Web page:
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#11
newtekie1
Semi-Retired Folder
I agree with the no warranty thing. As for how they will detect it, I doubt it will be a voltage reading. My guess would be a register on the chip that reads clock speed. It stores the maximum speed the chip has run at, and if a warranty product is sent in and the register says the chip ran above spec(I assume there will be a small amount of lee-way) then they deny the warranty.

I know last time they said this everyone speculated that they would put a fuse on the chip that would blow when the CPU was overvolted for anything more than a few seconds(this would eliminate the voltage spike killing your warranty issue).

I assume a lot of resellers will have to change their CPU return policies because of this, and give themselve time to either send the chip to Intel for testing or test it themselves before shipping out the replacement.

I think this is a good move, personally. I hate people that kill hardware themselves overclocking or whatever, and then send it in for Warranty when they don't deserve it. It makes the prices higher for everyone.
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#12
allen337
With the Intel chips now its just about impossable to kill one overclocking. Ive overclocked hundreds of intel chips till they actually shut down, no blue screen just shut down. I pushed my Q6600 b3 to 4.4 with 1.7v before she shut down. If its heat related that could happen at stock speeds and could be detected most likely. But your more likely to blow a cap or ruin a mobo rather than a processor. ALLEN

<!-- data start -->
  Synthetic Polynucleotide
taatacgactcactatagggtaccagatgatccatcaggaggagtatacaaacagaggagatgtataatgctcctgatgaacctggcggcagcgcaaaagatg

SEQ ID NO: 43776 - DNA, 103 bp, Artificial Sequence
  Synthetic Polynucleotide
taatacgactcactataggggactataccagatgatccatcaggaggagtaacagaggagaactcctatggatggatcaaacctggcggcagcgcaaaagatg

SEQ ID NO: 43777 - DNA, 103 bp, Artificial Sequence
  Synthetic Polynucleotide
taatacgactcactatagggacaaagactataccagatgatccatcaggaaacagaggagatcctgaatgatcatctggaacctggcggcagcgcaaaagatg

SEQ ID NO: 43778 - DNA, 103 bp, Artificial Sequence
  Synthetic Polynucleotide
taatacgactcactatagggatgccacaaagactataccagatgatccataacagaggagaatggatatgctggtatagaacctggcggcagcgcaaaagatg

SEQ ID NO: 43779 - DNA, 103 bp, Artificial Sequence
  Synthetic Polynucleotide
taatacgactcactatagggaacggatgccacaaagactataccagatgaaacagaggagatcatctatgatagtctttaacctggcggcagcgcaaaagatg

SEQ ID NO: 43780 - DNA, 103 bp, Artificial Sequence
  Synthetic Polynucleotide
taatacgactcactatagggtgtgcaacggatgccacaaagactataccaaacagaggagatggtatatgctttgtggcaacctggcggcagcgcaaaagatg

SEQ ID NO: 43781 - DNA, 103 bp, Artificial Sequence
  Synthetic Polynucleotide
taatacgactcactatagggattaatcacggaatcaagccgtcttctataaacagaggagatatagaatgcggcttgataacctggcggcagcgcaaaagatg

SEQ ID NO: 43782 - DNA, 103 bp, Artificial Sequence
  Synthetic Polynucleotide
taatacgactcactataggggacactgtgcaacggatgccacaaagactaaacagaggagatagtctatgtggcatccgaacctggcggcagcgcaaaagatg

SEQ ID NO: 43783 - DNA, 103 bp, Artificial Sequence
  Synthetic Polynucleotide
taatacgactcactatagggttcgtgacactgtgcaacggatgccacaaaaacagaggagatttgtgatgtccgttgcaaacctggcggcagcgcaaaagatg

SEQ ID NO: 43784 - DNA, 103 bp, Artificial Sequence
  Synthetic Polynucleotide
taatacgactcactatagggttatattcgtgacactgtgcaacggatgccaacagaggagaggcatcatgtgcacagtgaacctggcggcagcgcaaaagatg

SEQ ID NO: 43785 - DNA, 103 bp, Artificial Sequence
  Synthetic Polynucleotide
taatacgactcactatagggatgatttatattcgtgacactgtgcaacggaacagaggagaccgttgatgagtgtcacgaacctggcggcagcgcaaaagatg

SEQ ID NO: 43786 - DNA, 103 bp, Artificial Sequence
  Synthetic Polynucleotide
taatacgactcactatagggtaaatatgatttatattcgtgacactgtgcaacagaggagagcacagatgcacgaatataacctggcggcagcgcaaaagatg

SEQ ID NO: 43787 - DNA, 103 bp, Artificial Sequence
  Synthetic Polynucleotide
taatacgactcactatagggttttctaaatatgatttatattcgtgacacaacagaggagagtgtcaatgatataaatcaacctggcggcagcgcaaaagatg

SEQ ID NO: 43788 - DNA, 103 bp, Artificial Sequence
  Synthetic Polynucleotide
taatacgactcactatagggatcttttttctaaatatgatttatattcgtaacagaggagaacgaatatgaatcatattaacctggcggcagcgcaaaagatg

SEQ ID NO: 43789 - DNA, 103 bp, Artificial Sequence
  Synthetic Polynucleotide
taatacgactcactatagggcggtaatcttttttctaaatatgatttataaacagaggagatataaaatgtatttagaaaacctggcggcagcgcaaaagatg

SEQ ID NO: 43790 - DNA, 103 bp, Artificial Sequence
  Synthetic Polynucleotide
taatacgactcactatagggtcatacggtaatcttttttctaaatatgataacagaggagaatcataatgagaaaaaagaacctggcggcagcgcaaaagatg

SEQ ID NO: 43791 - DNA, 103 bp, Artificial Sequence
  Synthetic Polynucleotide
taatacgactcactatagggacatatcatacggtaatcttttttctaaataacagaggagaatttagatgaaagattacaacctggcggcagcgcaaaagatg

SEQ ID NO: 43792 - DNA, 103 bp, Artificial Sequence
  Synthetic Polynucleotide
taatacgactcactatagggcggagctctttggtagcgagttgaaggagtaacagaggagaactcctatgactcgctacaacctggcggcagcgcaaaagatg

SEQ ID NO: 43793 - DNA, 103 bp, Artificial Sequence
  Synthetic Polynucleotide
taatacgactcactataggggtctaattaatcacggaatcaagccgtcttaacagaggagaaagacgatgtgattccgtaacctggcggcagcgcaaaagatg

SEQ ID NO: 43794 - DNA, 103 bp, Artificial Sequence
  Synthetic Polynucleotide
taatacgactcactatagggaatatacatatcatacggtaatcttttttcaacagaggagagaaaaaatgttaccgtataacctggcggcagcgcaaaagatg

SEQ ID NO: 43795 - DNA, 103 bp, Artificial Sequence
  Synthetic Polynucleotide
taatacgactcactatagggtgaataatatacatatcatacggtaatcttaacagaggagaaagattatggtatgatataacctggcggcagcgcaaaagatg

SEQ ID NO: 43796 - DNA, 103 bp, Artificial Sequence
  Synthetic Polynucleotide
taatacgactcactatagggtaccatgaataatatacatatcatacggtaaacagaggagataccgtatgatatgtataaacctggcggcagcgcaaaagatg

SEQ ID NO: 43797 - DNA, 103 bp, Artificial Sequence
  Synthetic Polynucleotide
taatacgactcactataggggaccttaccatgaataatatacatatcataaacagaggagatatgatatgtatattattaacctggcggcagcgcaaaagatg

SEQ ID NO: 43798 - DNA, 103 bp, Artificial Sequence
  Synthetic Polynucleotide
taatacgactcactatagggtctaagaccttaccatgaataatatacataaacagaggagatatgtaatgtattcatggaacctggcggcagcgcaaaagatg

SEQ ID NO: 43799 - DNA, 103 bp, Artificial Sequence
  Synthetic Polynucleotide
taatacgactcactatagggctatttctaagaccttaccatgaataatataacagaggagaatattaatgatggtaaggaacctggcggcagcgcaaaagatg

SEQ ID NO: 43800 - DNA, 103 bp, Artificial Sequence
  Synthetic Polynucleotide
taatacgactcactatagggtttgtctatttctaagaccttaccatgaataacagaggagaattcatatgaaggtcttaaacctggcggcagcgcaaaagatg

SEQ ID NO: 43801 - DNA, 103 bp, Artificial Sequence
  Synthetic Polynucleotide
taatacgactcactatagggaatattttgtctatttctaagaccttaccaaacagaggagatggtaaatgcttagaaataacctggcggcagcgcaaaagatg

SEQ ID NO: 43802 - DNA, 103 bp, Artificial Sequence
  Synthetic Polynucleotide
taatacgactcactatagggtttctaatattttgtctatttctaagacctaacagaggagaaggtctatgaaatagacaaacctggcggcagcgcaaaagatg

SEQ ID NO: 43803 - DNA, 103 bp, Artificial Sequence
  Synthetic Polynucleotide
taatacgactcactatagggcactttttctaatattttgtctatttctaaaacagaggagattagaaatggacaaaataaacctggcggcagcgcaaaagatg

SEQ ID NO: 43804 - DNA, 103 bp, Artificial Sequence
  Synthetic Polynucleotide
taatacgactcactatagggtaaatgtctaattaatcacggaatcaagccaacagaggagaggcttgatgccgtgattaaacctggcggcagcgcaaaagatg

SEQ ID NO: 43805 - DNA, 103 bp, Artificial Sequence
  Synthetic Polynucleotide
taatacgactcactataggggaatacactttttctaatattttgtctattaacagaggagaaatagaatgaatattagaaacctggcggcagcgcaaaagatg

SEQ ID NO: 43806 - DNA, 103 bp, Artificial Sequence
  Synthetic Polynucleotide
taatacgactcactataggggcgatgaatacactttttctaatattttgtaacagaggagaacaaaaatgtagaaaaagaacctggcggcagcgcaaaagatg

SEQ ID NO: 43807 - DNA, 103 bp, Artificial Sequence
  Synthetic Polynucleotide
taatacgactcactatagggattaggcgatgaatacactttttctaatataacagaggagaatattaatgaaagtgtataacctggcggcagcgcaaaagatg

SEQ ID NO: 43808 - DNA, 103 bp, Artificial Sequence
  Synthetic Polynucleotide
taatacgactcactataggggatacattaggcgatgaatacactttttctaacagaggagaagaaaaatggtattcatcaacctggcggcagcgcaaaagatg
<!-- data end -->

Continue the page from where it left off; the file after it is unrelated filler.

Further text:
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#13
tkpenalty
by: allen337
With the Intel chips now its just about impossable to kill one overclocking. Ive overclocked hundreds of intel chips till they actually shut down, no blue screen just shut down. I pushed my Q6600 b3 to 4.4 with 1.7v before she shut down. If its heat related that could happen at stock speeds and could be detected most likely. But your more likely to blow a cap or ruin a mobo rather than a processor. ALLEN
Have you seen stock speed Cedar Mills explode? True, that most Intel CPUs these days dont really die unless you did what Wile E did.

One thing I really wish they did is provide that nice copper flower heatpipe cooler for all their mid range CPUs instead of they super high end CPUs.... :( I want one of those!!!
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#14
will
What did Wile E do? To be fair I've never ever had a CPU die on me, not even ones I've had for years running at 24/7 overclock! Probably the only component I've never had to return (except maybe a case!)...
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#15
flashstar
Intel is finally unlocking the FSB on all of their chips??

If this is true, then it would mean the biggest change in policy since the PII! :toast:
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#16
echo75